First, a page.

We’re going to converge together at NINC, which is the annual conference down in Florida and we are going to host a little get together. Have a drink on us and come and say hello. We would love to hear from you. If you listen to the podcast regularly and you’re anywhere in the Florida area, or within driving distance of Florida, that’s going to be on Wednesday, the twenty-first of September in the evening. We’ll put out some details on our Facebook page near the time, when we’ve sorted out actual venues. It’s probably going to be about seven o’clock in the evening and will go on til late. I don’t think we’re going to buy the drinks all night, Mark. We should make that clear at this stage.

Mark: We’ll get John to buy the drinks.

James: Get us drunk, basically, and drinks will be yours. We would love for you to come up and say hello to us. It’s always, absolutely brilliant. London Book Fair was the highlight for us this year. Meeting so many people who listen to the podcast or have been in our Facebook group or even taken the course. It would be lovely to see you if you’re going to NINC.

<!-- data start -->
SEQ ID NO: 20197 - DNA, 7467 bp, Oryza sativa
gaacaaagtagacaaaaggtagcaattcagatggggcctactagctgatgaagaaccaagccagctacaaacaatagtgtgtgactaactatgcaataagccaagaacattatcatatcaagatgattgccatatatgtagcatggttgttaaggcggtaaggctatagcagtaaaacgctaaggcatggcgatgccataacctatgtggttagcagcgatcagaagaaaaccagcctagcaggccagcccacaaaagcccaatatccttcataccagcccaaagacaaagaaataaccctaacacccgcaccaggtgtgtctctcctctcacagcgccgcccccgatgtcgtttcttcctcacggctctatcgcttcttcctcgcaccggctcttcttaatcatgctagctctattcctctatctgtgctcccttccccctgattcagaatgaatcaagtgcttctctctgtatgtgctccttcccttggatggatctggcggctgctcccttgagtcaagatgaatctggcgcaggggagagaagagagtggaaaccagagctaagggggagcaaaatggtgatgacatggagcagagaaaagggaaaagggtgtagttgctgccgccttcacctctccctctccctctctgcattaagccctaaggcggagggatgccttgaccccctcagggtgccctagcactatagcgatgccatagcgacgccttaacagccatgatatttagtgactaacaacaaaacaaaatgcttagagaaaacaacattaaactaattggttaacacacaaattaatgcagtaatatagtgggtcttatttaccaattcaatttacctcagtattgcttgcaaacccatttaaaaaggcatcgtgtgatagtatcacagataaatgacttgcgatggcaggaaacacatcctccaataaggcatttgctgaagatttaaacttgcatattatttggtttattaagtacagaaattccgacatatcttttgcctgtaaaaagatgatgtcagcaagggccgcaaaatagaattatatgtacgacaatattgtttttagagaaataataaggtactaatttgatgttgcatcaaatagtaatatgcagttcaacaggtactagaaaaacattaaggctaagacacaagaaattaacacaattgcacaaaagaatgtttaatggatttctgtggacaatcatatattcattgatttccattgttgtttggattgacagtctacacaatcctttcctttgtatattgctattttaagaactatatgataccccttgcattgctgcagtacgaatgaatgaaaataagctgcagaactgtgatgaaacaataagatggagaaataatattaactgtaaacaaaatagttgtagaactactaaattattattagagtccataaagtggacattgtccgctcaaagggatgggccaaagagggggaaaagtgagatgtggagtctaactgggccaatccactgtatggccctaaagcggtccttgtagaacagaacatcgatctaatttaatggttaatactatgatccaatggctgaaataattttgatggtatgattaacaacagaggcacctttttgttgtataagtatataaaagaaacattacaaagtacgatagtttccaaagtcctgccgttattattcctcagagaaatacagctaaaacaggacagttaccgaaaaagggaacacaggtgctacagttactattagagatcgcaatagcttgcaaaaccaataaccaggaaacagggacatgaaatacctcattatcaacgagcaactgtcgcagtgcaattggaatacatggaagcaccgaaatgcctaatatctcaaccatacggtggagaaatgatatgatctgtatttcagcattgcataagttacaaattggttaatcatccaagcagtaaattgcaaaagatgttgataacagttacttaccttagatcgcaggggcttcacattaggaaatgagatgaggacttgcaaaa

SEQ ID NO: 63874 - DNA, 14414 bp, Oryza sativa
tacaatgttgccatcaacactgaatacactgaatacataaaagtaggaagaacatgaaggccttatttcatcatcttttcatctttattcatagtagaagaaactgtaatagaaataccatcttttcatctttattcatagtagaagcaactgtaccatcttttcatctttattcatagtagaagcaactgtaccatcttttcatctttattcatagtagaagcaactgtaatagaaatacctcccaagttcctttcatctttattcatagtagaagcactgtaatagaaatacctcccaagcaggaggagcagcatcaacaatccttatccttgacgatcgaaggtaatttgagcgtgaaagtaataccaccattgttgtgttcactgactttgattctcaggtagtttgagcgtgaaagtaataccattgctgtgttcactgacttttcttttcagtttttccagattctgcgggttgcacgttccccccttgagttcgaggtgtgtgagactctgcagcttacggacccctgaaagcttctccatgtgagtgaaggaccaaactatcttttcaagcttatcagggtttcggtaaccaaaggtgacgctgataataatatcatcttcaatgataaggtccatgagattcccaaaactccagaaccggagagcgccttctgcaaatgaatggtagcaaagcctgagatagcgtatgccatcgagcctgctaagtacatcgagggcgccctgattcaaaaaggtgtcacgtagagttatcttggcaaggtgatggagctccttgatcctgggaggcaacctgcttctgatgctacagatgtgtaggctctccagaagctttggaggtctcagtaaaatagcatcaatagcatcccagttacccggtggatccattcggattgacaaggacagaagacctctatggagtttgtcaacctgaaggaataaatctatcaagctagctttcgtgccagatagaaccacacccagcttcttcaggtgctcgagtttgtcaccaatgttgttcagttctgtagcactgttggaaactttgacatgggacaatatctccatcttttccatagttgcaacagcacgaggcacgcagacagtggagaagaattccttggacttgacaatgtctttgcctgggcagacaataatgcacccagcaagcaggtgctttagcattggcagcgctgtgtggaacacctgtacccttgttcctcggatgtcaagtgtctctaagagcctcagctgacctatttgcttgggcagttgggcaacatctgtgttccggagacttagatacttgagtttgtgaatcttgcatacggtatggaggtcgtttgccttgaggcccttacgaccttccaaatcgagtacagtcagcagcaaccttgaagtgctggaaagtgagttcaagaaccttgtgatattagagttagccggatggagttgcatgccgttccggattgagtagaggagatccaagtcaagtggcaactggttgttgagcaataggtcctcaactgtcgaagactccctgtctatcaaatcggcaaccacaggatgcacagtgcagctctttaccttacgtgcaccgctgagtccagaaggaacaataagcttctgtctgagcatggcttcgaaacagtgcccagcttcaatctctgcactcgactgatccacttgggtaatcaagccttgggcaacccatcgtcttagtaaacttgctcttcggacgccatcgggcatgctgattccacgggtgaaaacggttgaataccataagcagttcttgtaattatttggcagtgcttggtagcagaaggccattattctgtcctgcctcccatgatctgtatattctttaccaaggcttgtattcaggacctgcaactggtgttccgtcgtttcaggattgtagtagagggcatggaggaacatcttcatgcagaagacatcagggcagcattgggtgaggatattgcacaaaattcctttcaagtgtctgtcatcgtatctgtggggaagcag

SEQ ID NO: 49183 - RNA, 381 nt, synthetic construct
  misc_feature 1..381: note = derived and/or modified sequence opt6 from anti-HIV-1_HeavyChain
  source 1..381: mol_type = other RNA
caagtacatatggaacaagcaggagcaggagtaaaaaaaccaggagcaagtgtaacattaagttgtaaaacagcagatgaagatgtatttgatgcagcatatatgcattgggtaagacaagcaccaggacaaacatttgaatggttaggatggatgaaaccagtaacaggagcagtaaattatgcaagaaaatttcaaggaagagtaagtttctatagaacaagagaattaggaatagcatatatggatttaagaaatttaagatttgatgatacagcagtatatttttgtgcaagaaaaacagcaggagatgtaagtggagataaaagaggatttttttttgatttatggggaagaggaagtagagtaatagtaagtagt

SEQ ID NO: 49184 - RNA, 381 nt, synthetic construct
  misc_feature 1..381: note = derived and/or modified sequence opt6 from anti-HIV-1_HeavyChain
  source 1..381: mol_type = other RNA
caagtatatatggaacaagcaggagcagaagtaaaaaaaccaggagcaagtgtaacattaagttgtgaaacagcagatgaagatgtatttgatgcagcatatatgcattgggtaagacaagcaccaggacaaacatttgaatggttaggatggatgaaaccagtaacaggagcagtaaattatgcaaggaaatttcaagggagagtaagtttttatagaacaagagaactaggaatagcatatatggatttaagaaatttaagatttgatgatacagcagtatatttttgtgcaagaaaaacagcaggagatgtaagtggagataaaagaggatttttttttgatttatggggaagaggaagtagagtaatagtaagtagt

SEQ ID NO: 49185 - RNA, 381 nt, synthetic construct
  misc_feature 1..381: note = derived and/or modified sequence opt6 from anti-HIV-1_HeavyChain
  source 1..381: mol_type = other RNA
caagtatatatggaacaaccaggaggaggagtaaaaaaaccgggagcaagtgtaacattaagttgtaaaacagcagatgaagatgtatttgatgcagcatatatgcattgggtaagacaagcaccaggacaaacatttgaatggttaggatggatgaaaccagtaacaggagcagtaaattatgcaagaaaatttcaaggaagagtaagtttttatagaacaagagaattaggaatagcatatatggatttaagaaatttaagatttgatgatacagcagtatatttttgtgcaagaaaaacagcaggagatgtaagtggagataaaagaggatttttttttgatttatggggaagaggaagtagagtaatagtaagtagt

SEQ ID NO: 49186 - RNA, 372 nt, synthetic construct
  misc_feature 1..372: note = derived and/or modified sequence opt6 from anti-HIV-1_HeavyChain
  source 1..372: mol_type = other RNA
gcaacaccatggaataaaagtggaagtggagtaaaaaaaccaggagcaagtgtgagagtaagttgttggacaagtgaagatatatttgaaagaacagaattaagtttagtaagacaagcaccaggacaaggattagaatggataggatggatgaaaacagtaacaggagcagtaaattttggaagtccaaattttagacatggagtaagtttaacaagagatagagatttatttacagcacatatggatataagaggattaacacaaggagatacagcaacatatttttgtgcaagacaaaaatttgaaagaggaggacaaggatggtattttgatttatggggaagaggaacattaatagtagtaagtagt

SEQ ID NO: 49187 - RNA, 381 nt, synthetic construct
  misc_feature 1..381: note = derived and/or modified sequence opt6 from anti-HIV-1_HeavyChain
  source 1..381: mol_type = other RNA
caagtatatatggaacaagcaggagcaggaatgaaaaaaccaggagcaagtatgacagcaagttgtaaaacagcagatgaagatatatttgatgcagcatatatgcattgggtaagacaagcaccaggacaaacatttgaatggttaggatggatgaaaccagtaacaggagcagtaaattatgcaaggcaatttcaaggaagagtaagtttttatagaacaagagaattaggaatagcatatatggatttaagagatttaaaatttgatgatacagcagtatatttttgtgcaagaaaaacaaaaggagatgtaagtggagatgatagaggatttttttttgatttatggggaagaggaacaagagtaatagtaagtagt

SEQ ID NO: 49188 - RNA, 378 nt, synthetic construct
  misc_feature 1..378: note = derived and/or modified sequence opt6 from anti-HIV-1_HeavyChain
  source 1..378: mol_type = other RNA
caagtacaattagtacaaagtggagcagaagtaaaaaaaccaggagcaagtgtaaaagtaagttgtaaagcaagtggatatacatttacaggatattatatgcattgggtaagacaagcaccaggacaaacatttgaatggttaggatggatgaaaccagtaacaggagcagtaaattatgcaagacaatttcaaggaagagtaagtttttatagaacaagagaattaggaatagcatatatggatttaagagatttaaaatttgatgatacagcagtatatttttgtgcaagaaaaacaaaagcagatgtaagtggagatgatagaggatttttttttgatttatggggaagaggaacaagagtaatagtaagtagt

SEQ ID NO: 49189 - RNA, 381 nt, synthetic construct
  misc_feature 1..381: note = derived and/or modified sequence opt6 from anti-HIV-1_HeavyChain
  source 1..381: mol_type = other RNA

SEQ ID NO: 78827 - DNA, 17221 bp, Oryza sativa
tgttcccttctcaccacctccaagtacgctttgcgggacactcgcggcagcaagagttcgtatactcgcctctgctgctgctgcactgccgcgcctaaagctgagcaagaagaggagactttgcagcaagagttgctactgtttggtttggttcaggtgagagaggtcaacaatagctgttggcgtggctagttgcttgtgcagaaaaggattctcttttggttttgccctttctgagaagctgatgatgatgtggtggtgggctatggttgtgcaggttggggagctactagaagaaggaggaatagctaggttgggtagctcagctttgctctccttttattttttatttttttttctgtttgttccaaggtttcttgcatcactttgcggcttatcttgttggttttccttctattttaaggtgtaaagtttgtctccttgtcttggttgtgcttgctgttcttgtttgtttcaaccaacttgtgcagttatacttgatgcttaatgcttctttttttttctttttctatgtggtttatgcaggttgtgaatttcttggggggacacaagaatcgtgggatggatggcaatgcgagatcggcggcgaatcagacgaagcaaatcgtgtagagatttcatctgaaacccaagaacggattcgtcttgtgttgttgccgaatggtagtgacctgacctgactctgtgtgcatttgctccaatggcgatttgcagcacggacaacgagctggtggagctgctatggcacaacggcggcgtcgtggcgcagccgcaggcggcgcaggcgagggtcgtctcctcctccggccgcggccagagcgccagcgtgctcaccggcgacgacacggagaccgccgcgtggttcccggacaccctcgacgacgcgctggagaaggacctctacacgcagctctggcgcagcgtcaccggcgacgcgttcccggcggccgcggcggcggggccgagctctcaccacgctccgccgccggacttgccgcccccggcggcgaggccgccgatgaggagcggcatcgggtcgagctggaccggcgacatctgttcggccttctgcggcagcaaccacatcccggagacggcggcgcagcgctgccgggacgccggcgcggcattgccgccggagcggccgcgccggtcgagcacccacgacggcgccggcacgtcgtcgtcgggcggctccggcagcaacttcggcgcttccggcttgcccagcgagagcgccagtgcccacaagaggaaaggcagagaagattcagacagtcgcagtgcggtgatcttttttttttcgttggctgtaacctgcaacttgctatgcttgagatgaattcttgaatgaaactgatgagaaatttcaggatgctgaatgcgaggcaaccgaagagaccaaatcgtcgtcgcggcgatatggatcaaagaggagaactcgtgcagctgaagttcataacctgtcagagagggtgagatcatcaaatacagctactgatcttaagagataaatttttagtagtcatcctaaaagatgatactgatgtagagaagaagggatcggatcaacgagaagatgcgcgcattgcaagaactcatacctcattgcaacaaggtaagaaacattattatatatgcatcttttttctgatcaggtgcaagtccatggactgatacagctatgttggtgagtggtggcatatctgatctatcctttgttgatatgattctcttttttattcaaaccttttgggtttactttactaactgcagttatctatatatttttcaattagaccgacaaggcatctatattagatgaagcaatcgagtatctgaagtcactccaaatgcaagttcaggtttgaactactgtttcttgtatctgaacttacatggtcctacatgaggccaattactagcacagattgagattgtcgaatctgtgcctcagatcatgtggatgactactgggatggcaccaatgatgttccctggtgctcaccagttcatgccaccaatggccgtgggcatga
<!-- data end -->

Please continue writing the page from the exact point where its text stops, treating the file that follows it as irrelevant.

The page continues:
If you’re in our Facebook group, you should know about this already, but if you’re not in our Facebook group, do drop us an email at support@selfpublishingformula.com and we will send you an invite to come to the Facebook group and that will give you the details of where we’re going to meet. It’s going to be very close to the main hotel which is the, what is it called again? It’s on St. Pete’s beach, isn’t it? In Florida.

Mark: Tradewinds?

James: Tradewinds. A resort hotel, Tradewinds. I’m not giving a venue detail yet because I’m speaking to the hotel and we’re trying to work out what the best thing to do, it might be at a nearby bar, it might be somewhere in the hotel. We don’t want to step on the toes of other things that are going on NINC.